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jerich100
July 4th, 2014, 04:40 PM
I've written 22 chapters (so far) of this sci-fi novel. Would any of you want to swap a larger piece of, say, 6000 - 10000 words, with an equal number of yours? I can provide many more rich and fulfilling comments when I can scribble on a page and draw lines and other goodies, than when typing on this tiny screen. :)



Vertical granite cliffs enclosed both sides of the Johnson Valley from the Elders train station in the east to the town of Wilmington Bay on the Pacific coast. Through the wide ravine ran the Johnson River on its leisurely course to the ocean. Pine and oak trees, and the occasional manzanita peppered the grasses between farmlands and the dispersed agricultural, dairy, and mining towns. Along the river were the highway and the double set of train tracks, both running the length of the two hundred-mile long valley.

Stores, restaurants, and gas stations accumulated around the towns that seemed always to grow in size. Each year the residents of the community of Gunter talked of incorporating the way Coleville Township had done ten years prior, and Tremont thirty years before that.

There always seemed to be enough work. A handful of companies moved into the valley each year. Real estate was less expensive than other places in the state, probably because of the depressed wages and rural life. Most of the new folk had seen enough of the world. Edgy, impulsive people they’d be until they grew accustomed to the relaxed pace.

Hanover, the largest Township in the Johnson Valley, covered only a tiny portion of the broad gorge. Gary Steinman’s father was a production supervisor for the Hanover Dairy. Even though his father was a patient man, there was occasionally someone at work who got him in a rage. Gary’s family would hear about that at dinnertime when they often ate plenty of eggs, cheese, and milk from the day-old stock. Sometimes on their back porch on weekend nights they’d lie on chaise lounges and eat mom’s fudge cookies until their stomachs ached.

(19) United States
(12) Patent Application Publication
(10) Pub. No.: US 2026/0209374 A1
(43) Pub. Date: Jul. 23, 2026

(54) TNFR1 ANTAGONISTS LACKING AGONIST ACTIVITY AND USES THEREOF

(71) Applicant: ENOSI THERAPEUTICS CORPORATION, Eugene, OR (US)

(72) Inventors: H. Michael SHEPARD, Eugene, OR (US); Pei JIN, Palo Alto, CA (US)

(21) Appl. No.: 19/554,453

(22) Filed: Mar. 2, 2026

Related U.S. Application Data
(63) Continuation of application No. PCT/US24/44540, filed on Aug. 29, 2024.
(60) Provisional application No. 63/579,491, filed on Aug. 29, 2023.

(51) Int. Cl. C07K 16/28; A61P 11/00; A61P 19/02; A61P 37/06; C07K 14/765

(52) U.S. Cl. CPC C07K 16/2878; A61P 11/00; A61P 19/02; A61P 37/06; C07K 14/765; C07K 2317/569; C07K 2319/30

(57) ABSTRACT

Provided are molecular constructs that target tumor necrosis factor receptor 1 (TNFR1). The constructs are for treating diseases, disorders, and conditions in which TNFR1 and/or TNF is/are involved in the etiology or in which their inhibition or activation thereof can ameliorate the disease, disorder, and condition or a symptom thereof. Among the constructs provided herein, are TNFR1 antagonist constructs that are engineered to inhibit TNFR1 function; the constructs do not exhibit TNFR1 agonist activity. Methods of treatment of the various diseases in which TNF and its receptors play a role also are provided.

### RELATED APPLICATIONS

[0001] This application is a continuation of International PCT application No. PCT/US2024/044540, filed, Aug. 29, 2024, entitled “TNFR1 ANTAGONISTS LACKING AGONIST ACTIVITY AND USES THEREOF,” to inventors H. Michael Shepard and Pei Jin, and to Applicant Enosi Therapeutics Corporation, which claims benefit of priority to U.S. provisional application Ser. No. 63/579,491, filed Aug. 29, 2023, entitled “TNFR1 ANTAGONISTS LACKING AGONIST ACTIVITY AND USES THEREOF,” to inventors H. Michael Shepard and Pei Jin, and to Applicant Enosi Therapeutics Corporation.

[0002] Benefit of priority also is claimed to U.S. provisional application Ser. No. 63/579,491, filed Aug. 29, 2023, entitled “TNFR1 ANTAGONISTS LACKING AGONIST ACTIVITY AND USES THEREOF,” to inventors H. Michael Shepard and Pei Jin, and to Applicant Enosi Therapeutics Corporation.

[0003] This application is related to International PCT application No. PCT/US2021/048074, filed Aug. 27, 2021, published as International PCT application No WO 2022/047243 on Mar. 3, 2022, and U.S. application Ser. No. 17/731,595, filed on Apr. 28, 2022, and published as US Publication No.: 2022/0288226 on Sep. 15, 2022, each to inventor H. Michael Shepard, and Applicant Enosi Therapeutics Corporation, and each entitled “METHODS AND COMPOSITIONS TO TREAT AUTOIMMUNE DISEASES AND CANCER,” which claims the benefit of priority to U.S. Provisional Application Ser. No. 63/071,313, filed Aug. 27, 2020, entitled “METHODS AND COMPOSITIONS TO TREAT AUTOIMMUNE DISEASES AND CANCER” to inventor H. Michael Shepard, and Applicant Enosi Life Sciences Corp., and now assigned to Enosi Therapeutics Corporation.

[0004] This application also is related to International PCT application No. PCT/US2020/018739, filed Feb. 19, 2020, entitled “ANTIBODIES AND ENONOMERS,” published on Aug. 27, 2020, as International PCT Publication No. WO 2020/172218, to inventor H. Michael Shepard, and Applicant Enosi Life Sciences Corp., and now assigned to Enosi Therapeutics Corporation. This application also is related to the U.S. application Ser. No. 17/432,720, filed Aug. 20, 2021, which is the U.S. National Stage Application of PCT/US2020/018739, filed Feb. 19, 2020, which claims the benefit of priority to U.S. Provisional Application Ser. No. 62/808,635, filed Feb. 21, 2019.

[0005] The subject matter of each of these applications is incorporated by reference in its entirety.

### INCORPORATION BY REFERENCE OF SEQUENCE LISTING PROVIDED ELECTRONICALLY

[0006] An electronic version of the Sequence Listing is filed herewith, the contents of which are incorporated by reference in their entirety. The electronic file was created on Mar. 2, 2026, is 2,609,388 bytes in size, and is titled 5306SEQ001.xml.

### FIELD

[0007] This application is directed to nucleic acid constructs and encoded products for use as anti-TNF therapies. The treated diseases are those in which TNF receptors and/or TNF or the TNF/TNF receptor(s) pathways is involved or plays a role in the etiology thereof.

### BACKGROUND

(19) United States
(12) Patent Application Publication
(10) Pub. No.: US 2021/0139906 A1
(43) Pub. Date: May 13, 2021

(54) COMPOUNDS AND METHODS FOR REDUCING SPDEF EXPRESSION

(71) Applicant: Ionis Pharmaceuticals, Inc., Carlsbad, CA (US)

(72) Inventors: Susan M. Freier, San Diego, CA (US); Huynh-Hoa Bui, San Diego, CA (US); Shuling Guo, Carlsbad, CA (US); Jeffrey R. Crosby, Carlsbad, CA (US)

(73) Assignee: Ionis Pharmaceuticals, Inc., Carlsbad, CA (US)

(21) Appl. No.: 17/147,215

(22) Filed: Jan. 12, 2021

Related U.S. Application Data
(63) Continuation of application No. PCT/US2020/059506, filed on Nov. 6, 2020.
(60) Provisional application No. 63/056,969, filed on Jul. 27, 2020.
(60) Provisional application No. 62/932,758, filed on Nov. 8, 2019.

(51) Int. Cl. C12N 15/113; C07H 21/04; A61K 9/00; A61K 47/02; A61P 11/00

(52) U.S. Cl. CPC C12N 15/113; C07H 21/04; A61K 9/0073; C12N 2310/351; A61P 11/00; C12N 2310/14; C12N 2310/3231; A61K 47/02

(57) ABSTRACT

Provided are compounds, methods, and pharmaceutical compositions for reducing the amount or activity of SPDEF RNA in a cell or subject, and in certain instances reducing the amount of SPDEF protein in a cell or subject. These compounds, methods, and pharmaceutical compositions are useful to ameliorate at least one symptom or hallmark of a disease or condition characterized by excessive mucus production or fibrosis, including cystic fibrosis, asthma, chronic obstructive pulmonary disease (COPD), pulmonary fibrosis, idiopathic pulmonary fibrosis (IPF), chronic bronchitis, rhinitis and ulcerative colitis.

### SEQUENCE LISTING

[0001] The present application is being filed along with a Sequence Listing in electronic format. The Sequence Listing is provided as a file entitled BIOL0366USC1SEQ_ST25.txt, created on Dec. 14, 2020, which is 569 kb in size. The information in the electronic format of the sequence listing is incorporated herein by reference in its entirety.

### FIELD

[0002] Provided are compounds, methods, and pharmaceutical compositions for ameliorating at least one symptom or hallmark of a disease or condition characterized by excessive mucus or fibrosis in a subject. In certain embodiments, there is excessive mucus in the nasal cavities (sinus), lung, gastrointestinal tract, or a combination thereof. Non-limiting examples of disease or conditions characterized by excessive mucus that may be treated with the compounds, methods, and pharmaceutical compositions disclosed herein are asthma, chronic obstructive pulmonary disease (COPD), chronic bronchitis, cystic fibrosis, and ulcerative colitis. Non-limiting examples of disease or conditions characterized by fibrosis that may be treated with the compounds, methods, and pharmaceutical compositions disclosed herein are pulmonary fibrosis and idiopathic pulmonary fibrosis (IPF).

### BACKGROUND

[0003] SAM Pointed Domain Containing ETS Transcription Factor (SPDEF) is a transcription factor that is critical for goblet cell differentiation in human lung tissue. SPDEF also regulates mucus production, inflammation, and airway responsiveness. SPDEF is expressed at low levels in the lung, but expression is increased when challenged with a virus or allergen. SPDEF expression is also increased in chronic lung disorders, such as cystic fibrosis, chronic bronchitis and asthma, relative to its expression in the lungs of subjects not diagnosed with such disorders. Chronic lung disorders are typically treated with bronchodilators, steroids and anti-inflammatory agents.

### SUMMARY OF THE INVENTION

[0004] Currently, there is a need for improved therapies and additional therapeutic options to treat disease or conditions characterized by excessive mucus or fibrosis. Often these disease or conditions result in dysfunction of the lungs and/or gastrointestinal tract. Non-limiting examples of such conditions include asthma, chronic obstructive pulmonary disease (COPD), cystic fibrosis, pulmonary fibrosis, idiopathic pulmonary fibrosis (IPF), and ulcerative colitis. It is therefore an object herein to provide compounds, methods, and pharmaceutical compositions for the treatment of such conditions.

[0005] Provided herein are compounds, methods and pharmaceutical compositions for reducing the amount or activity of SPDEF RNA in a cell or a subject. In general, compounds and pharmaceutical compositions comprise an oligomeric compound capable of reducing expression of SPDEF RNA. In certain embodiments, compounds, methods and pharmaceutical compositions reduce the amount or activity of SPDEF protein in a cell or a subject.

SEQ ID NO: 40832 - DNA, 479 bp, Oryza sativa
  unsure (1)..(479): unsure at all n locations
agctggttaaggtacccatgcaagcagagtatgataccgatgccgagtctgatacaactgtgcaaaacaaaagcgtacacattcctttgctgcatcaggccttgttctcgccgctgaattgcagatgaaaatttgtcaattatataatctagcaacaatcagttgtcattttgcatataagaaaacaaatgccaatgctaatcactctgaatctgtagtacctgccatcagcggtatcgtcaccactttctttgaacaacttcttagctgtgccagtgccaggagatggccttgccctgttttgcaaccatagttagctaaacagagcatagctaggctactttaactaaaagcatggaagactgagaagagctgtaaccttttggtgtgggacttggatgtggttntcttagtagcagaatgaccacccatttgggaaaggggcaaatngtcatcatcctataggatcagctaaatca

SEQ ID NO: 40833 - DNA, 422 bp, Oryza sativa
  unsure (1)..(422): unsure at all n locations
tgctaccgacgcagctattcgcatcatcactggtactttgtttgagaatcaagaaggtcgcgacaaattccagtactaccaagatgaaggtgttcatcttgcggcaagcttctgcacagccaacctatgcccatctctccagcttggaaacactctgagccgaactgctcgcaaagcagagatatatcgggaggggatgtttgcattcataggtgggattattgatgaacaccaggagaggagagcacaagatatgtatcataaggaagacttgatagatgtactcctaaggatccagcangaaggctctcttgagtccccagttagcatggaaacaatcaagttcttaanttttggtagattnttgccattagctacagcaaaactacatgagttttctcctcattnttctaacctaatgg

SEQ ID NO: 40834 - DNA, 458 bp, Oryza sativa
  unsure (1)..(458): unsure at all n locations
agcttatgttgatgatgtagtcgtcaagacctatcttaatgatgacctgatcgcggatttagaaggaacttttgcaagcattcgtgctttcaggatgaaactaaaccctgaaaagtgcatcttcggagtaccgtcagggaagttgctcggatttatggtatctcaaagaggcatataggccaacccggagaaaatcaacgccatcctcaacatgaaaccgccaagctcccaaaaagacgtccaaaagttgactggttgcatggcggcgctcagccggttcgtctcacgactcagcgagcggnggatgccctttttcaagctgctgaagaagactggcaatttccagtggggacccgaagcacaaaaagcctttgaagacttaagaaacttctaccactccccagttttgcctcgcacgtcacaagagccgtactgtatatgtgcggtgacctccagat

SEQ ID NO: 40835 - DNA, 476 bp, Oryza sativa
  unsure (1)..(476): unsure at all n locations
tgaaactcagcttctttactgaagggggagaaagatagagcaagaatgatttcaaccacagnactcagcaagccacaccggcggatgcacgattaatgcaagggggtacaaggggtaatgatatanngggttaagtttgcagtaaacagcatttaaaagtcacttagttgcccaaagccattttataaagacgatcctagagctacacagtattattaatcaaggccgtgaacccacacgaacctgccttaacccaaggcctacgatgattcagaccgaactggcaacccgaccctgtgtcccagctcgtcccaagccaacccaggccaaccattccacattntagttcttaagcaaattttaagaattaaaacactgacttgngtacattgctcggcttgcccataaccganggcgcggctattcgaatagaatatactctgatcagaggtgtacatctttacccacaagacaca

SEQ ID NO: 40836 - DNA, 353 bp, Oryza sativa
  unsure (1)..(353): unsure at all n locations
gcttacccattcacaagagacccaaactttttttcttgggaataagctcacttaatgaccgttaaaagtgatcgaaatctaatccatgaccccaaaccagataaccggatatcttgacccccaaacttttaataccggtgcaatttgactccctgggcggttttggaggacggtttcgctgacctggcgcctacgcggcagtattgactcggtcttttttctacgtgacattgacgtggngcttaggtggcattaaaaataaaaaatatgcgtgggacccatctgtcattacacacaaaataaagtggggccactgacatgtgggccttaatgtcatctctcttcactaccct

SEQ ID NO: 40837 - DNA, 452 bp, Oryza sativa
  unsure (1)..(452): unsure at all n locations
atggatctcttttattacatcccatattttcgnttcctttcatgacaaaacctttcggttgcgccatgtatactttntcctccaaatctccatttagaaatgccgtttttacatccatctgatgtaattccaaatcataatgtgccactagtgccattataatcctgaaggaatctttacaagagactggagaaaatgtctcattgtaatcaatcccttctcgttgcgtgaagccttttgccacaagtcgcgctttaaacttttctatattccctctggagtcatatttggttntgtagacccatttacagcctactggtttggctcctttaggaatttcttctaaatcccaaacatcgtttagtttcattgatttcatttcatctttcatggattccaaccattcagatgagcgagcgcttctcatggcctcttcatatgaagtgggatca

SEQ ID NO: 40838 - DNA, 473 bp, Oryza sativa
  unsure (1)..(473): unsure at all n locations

The residents in the Johnson Valley were rumored to be more supportive and generous of each other’s time than people elsewhere in the country. In fact, Gary’s greatest burdens came from within himself. He thought he talked slower than other people and had difficulty remembering things. Anytime he visited his old elementary school or other places from his childhood, he felt he was experiencing someone else’s memories.

There were some experiences he wished he could forget. Years earlier in grammar school, he didn’t realize how poorly he was doing until the day the schoolchildren showed each other their grade cards. When the other children saw Gary’s, their cheerful expressions faded and they walked away in groups of twos and threes. He had thought the grades of “4” and “5” meant the best because they were greater than “1”.

The schools in Hanover and the other towns had higher teacher-to-student ratios than the national average. This might have been because of the high percentage of older folk in the valley compared to other places. The schools were challenging and seemed to teach all there was to know on any subject. Schoolwork emphasized self-discipline, self-respect, achievement, and responsibility. The streets were quiet at night because students had so much homework to do.